‘All it takes is a quick walk’: how a few minutes’ exercise can unleash creativity – even if you hate it

Researchers are finding remarkable links between movement and blue-sky thinking.


The Link Between Exercise and Creativity

Many influential thinkers throughout history have used movement to stimulate their minds and generate creative ideas. Scientists are now confirming this connection and exploring how it works.

Studies have shown that even a short bout of aerobic exercise can spark creative thinking. For example, climbing four flights of stairs has been shown to enhance creativity in just a matter of minutes.

Personal experiences support these findings. Many individuals, including creative professionals, rely on exercise to improve their clarity of thought and come up with new ideas. A quick walk can be all it takes to overcome mental blocks and enhance creativity.

Enhanced Divergent Thinking

Researchers differentiate between two aspects of creativity: divergent thinking and convergent thinking. It is the divergent aspect, which involves coming up with a wide variety of different ideas, that is most consistently enhanced by physical activity.

Studies on various physical activities such as dancing, cycling, stair climbing, and running have all shown improvements in divergent thinking.

Divergent thinking tests require individuals to think of multiple different solutions to a problem without a single 'correct' answer. These tests provide a good measure of creative potential and are associated with creative achievement in real-world scenarios.

How Physical Activity Boosts Creativity

Physical activity has been found to benefit the brain in terms of mental health and cognitive function. Regular aerobic exercise can lead to structural changes in the brain that enhance various cognitive processes.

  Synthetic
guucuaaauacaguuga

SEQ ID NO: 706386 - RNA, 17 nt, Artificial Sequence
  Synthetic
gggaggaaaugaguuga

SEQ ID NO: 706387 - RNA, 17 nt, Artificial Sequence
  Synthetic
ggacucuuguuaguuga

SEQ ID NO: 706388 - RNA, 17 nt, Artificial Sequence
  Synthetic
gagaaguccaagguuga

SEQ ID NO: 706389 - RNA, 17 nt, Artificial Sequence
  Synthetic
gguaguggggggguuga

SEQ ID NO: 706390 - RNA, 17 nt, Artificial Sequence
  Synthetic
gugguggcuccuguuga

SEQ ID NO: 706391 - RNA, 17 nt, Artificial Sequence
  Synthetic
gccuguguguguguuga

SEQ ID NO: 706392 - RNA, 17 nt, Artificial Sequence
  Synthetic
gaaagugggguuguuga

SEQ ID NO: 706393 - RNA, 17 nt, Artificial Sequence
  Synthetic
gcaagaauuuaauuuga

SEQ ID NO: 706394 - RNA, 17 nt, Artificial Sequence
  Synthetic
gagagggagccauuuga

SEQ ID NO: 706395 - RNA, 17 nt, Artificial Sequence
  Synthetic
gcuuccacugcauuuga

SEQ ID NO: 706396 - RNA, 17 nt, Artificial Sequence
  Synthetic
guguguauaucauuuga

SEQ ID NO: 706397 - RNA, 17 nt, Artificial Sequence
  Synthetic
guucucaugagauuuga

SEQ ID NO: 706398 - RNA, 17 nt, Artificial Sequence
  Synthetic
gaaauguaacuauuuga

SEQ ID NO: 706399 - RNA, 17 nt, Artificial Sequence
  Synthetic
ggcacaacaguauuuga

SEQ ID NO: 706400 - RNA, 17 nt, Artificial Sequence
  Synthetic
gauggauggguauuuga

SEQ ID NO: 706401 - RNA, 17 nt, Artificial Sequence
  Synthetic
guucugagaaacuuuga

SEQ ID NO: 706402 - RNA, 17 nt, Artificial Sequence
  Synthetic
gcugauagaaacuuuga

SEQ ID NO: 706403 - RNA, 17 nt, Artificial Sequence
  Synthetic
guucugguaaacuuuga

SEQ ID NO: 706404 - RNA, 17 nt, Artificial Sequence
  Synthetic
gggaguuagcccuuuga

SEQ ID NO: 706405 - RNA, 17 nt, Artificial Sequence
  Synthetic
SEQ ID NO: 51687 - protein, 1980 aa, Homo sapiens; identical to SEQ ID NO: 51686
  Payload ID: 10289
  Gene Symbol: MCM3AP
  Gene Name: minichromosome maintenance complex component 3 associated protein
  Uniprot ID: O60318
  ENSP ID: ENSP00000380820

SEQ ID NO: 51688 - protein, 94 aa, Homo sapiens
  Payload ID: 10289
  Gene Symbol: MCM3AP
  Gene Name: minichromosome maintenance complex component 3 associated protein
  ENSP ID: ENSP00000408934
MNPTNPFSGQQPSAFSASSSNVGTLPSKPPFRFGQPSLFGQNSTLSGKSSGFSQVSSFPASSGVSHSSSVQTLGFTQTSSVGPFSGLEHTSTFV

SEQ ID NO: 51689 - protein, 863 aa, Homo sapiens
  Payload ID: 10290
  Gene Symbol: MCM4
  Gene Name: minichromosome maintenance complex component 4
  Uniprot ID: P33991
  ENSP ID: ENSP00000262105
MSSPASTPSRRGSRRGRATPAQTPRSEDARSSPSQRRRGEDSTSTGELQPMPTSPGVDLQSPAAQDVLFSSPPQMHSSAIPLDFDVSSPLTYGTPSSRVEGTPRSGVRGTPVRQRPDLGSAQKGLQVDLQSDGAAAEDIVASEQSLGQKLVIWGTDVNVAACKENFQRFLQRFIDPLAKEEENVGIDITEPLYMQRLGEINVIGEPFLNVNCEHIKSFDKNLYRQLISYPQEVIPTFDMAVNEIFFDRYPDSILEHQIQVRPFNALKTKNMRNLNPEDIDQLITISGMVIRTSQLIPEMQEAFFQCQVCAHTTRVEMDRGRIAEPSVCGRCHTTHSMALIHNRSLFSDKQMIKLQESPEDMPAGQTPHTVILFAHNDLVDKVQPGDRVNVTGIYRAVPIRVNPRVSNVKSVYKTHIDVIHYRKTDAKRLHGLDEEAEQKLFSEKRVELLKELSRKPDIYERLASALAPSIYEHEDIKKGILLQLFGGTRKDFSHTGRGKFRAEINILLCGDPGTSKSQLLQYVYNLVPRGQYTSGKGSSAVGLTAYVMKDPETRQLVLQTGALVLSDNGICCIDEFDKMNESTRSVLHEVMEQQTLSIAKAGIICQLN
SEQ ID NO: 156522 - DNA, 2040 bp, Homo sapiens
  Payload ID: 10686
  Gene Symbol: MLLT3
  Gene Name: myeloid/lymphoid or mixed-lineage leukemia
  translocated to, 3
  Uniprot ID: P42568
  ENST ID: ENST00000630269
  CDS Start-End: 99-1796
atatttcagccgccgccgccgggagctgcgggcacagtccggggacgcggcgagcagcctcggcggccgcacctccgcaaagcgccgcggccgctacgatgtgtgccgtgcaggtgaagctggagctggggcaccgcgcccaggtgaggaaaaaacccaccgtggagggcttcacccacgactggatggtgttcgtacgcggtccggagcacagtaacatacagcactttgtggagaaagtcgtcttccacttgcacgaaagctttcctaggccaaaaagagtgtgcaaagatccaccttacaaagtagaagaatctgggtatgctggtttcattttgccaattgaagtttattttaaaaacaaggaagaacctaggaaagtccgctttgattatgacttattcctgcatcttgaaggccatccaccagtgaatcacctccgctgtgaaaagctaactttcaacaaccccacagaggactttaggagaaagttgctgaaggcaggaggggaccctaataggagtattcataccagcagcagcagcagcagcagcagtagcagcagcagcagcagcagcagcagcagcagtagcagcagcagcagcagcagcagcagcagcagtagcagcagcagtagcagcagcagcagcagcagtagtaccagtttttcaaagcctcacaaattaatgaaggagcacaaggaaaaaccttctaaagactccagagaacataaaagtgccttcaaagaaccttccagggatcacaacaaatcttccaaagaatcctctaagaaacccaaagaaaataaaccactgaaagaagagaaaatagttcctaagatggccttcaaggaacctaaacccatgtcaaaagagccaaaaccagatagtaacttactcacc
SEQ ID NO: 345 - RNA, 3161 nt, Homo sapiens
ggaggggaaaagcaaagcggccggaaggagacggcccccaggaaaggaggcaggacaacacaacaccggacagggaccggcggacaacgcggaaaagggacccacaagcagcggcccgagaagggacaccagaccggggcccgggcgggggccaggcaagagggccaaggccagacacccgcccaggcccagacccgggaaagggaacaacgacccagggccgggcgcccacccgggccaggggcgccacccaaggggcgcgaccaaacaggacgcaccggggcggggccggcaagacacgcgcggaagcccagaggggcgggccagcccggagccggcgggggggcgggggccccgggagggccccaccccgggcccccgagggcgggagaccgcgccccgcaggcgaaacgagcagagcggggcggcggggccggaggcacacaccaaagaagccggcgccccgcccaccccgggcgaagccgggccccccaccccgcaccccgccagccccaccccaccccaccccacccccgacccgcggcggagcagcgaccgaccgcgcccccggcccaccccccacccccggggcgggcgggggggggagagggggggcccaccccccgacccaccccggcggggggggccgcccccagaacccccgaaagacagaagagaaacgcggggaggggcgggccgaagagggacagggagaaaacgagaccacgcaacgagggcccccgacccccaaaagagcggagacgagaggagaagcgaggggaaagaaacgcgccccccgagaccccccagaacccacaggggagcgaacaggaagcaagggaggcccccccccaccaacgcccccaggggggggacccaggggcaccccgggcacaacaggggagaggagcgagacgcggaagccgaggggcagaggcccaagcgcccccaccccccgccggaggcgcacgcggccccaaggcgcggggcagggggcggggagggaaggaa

Acute exercise, even just a single session, improves blood circulation and increases the production of proteins that promote brain cell growth and survival.

Neuroimaging studies have also shown that physical activity can temporarily dampen activity in the prefrontal cortex, allowing thoughts to flow more freely and leading to creative ideas.

Walking and running have been particularly effective in facilitating creative thinking, as they provide opportunities for incubation and allow the mind to wander and make diverse connections between ideas.


The Role of Psychological Factors

Psychological factors also contribute to the link between creativity and movement. Exercises, whether intense workouts or leisurely walks, physically take individuals away from their current tasks and facilitate state transition.

Changes in perspective and the movement itself can foster new thoughts and ideas. Studies have shown that even a few minutes of walking can enhance originality of ideas in creative tasks.

Interestingly, exercise doesn't necessarily need to improve mood to boost creativity. Negative emotions like stress and anger can also enhance creative thinking, especially in problem-solving scenarios.

While research on creativity and physical activity continues, experts suggest that short active breaks can rejuvenate creativity and problem-solving abilities in schools and workplaces. Knowing that just a few minutes of low-intensity physical activity can enhance creative thinking can motivate individuals to incorporate movement into their daily routines.